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Preface to the first Edition.


N epistolary correspondence commenced between

the Rev. Mr. Samuel Davies and myself, in the year 1752, and was continued till the time of his decease.

When I began the intercourse with him, I could not entertain any very probable hopes that we should ever have an interview in our world, but Mr. Davies's visit to Great Britain, in the year 1753, with that venerable man the Rev. Mr. Gilbert Tennent, of Philadelphia, to solicit benefactions for the college of New-Jersey, gave me a pleasure beyond all reasonable expectation; and the friendship which was kindled at the distance of several thousand miles from each other, was increased by free and frequent converses during the time, almost a year, of Mr. Davies's residence on this side the Atlantic.

After his departure from our country to America, I received several letters from Mr. Davies, and had the honour of being numbered among his particular friends, to whom he communicated the very secrets of his bosom.

In a letter, dated September 12, 1757, Mr. Davies (at that juncture scarce recovered from a violent and dangerous fever) thus writes to me: " I want to live “ after I am dead, not in name, but in public useful“ ness: I was therefore about to order in my will that “all my notes, which are tolerably full, might be sent “to you to correct and publish such of them as you

might judge conducive to the public good. Pray, “ what do you think of the project, if the like occasion “ should return while you are among mortals ?"

What answer I gave to my friend's proposal I cannot exactly recollect, but I am persuaded that my afB


fection to him would not permit me to put a negative upon his request.

On the 4th of February, 1761, this excellent man was by a violent fever removed from our world : and, though he died universally lamented, yet, as he had an uncommon interest in my affection while living, fo his decease opened the springs of the most afflicting sorrow in my breast, and perhaps I may truly apply, with a little variation, the words of the Poet,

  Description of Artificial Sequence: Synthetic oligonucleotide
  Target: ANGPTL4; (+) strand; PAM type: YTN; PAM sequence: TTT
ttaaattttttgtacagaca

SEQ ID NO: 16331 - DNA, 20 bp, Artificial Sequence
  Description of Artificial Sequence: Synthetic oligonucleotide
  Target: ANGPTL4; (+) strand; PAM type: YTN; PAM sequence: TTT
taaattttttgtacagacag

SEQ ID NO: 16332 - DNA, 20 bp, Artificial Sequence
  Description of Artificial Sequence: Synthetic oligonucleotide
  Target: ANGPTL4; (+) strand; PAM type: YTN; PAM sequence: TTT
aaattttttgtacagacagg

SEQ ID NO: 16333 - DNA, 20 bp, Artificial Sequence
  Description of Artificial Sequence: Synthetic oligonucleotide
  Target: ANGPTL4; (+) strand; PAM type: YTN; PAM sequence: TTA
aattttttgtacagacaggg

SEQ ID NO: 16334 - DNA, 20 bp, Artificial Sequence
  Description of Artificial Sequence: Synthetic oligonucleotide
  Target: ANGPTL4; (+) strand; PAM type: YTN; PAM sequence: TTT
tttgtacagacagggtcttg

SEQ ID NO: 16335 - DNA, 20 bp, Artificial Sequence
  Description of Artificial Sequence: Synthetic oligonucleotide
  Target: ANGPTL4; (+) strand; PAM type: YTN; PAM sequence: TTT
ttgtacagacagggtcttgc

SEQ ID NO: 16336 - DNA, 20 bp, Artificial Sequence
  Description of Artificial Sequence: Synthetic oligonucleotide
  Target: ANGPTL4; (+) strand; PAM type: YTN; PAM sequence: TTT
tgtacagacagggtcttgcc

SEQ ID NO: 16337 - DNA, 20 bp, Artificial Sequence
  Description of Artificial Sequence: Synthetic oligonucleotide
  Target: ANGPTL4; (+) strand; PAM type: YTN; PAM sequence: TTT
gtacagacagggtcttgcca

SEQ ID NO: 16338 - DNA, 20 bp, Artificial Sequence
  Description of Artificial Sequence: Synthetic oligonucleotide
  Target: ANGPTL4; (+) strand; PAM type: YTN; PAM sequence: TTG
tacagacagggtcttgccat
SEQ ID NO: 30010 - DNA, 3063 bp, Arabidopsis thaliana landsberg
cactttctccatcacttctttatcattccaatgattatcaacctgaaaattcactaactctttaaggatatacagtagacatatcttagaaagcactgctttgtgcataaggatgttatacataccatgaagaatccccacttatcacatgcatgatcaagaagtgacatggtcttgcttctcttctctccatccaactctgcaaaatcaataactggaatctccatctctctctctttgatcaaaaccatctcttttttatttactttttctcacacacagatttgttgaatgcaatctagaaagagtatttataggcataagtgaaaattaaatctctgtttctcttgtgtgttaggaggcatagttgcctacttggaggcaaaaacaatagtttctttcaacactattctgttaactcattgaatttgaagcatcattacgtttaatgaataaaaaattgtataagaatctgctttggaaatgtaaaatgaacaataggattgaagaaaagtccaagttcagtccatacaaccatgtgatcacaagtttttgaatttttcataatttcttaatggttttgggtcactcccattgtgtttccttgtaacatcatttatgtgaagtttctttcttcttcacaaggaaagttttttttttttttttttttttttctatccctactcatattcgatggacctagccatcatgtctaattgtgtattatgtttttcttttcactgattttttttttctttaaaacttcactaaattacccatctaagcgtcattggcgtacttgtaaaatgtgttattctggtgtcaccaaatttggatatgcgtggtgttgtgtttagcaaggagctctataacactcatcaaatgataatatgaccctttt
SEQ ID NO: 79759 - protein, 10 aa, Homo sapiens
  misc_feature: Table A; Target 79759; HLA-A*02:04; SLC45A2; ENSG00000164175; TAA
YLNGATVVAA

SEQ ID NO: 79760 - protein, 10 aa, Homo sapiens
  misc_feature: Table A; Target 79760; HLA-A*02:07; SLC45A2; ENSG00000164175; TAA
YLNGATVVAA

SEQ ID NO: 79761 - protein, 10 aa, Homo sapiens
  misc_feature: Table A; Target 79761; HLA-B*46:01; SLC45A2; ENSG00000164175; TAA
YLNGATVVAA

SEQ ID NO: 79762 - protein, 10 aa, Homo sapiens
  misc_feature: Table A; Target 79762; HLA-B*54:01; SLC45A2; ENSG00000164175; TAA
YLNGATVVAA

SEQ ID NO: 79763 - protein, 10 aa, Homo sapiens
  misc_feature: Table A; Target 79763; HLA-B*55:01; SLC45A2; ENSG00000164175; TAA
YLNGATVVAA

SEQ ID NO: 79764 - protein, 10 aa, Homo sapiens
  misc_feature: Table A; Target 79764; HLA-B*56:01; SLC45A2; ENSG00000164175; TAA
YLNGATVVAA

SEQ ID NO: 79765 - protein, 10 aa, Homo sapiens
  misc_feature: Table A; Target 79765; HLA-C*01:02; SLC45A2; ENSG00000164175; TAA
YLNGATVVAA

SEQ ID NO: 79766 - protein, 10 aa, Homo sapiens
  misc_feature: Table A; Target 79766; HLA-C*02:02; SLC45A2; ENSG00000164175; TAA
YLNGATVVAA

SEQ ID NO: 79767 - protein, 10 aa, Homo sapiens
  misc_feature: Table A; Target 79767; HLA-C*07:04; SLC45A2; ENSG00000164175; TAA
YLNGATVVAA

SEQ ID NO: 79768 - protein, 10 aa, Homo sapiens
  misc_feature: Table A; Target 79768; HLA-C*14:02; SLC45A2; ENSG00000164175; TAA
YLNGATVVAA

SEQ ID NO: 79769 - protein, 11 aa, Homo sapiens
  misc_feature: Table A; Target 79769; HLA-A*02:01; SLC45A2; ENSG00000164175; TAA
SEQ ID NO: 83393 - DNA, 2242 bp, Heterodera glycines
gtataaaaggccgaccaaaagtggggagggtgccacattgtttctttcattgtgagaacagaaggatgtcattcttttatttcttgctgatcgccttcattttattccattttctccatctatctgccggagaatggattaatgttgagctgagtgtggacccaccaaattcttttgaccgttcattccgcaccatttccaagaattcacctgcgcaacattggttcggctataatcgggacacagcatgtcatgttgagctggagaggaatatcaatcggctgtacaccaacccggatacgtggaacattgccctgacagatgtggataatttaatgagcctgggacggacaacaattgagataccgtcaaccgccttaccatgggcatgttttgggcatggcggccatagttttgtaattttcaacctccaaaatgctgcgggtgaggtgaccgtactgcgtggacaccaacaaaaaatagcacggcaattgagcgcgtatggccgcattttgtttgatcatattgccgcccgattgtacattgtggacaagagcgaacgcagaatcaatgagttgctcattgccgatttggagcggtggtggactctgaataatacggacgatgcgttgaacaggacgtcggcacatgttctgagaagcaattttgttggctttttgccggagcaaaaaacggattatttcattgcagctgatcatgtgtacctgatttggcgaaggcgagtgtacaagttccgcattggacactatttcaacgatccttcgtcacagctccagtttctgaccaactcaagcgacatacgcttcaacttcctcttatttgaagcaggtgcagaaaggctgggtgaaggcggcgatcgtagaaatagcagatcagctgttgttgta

Multis ille flebilis occidit,
Nulli flebilior quàm mihi.-

HORAT. Od. Lib. I. Od. 24. But, though the prophet is ascended, his mantle is left behind. A very considerable number of his SERMONS has been transmitted to me, and thence I have selected what were sufficient to compose the ensuing volumes.

As the Sermons which I now lay before the public were Mr. Davies's usual popular discourses, it may naturally be supposed that they required patient and accurate revisal in order to their publication; and that the Editor, if he would discharge his duty as he ought, must find himself under the necessity of making some occasional alterations and amendments as to the language, and especially of adjusting the pointing. These liberties I have taken, and have endeavoured to execute my trust in the same manner which I have reason to think Mr. Davies, if he had been living, would have approved and commended; and in which I should wish my own Sermons, should I leave any behind me worthy of the public view, might be corrected and sent into the world.

They who knew and heard Mr. Davies will need no further proof than the perusal of the discourses themselves that they are the real productions of the author to whom they are ascribed. The sun fhews himself to be the sun by the very beams with which he irradiates and enlivens mankind, and is easily distinguished from other luminaries by his surpassing lustre.


The Sermons I have chosen for publication strictly answer the Advertisement in the Proposals for printing them; namely, Sermons on the most USEFUL and IMPORTANT Subje&ts, adapted to the Family and Closet. The reader will meet with no discourses in these volumes but what are calculated for general use, or such as relate to the common conditions, duties, and interests of mankind in one form or another; and in how many of them has both the Saint and the Sinner a partion of meat provided for him? May it prove a portion in due season! and may both the one and the other rise from the sacred feast divinely. strengthened and blefled!